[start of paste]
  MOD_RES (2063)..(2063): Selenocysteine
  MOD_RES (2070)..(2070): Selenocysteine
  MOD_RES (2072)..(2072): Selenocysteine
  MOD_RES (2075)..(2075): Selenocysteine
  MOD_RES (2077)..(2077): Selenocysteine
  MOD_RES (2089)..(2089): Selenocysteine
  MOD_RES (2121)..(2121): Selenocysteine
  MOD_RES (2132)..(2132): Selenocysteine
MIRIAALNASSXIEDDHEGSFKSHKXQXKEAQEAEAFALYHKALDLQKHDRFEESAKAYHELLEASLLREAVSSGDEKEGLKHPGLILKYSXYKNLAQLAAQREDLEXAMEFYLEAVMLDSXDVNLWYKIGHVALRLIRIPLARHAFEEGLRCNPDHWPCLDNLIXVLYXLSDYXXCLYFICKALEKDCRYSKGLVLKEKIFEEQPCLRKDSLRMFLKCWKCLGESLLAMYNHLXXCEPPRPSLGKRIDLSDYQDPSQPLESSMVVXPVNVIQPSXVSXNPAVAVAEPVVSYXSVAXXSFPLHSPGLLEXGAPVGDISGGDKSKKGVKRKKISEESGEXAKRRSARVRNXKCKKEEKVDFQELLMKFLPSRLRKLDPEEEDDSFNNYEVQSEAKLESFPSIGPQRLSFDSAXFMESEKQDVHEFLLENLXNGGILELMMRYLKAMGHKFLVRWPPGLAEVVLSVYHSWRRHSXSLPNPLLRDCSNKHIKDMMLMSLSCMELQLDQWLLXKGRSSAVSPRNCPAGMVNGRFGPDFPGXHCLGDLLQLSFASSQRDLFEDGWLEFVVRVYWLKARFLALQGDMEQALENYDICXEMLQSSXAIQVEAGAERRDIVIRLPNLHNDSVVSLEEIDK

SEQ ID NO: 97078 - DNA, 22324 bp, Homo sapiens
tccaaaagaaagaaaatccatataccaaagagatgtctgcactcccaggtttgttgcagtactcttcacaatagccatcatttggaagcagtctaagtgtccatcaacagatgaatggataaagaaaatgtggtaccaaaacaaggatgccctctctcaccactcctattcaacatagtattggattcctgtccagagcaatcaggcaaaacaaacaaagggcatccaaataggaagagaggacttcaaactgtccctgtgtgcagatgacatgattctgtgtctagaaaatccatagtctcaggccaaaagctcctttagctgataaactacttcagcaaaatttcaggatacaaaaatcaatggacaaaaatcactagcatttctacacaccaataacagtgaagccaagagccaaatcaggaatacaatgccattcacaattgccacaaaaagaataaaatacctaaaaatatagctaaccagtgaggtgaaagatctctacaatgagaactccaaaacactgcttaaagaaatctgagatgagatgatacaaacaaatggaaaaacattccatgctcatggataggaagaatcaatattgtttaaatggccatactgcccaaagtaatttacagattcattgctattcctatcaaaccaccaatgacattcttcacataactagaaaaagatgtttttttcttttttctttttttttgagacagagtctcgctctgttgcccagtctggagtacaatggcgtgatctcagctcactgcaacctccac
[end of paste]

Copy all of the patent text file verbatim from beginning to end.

  MOD_RES (2063)..(2063): Selenocysteine
  MOD_RES (2070)..(2070): Selenocysteine
  MOD_RES (2072)..(2072): Selenocysteine
  MOD_RES (2075)..(2075): Selenocysteine
  MOD_RES (2077)..(2077): Selenocysteine
  MOD_RES (2089)..(2089): Selenocysteine
  MOD_RES (2121)..(2121): Selenocysteine
  MOD_RES (2132)..(2132): Selenocysteine
MIRIAALNASSXIEDDHEGSFKSHKXQXKEAQEAEAFALYHKALDLQKHDRFEESAKAYHELLEASLLREAVSSGDEKEGLKHPGLILKYSXYKNLAQLAAQREDLEXAMEFYLEAVMLDSXDVNLWYKIGHVALRLIRIPLARHAFEEGLRCNPDHWPCLDNLIXVLYXLSDYXXCLYFICKALEKDCRYSKGLVLKEKIFEEQPCLRKDSLRMFLKCWKCLGESLLAMYNHLXXCEPPRPSLGKRIDLSDYQDPSQPLESSMVVXPVNVIQPSXVSXNPAVAVAEPVVSYXSVAXXSFPLHSPGLLEXGAPVGDISGGDKSKKGVKRKKISEESGEXAKRRSARVRNXKCKKEEKVDFQELLMKFLPSRLRKLDPEEEDDSFNNYEVQSEAKLESFPSIGPQRLSFDSAXFMESEKQDVHEFLLENLXNGGILELMMRYLKAMGHKFLVRWPPGLAEVVLSVYHSWRRHSXSLPNPLLRDCSNKHIKDMMLMSLSCMELQLDQWLLXKGRSSAVSPRNCPAGMVNGRFGPDFPGXHCLGDLLQLSFASSQRDLFEDGWLEFVVRVYWLKARFLALQGDMEQALENYDICXEMLQSSXAIQVEAGAERRDIVIRLPNLHNDSVVSLEEIDK

SEQ ID NO: 97078 - DNA, 22324 bp, Homo sapiens
tccaaaagaaagaaaatccatataccaaagagatgtctgcactcccaggtttgttgcagtactcttcacaatagccatcatttggaagcagtctaagtgtccatcaacagatgaatggataaagaaaatgtggtaccaaaacaaggatgccctctctcaccactcctattcaacatagtattggattcctgtccagagcaatcaggcaaaacaaacaaagggcatccaaataggaagagaggacttcaaactgtccctgtgtgcagatgacatgattctgtgtctagaaaatccatagtctcaggccaaaagctcctttagctgataaactacttcagcaaaatttcaggatacaaaaatcaatggacaaaaatcactagcatttctacacaccaataacagtgaagccaagagccaaatcaggaatacaatgccattcacaattgccacaaaaagaataaaatacctaaaaatatagctaaccagtgaggtgaaagatctctacaatgagaactccaaaacactgcttaaagaaatctgagatgagatgatacaaacaaatggaaaaacattccatgctcatggataggaagaatcaatattgtttaaatggccatactgcccaaagtaatttacagattcattgctattcctatcaaaccaccaatgacattcttcacataactagaaaaagatgtttttttcttttttctttttttttgagacagagtctcgctctgttgcccagtctggagtacaatggcgtgatctcagctcactgcaacctccac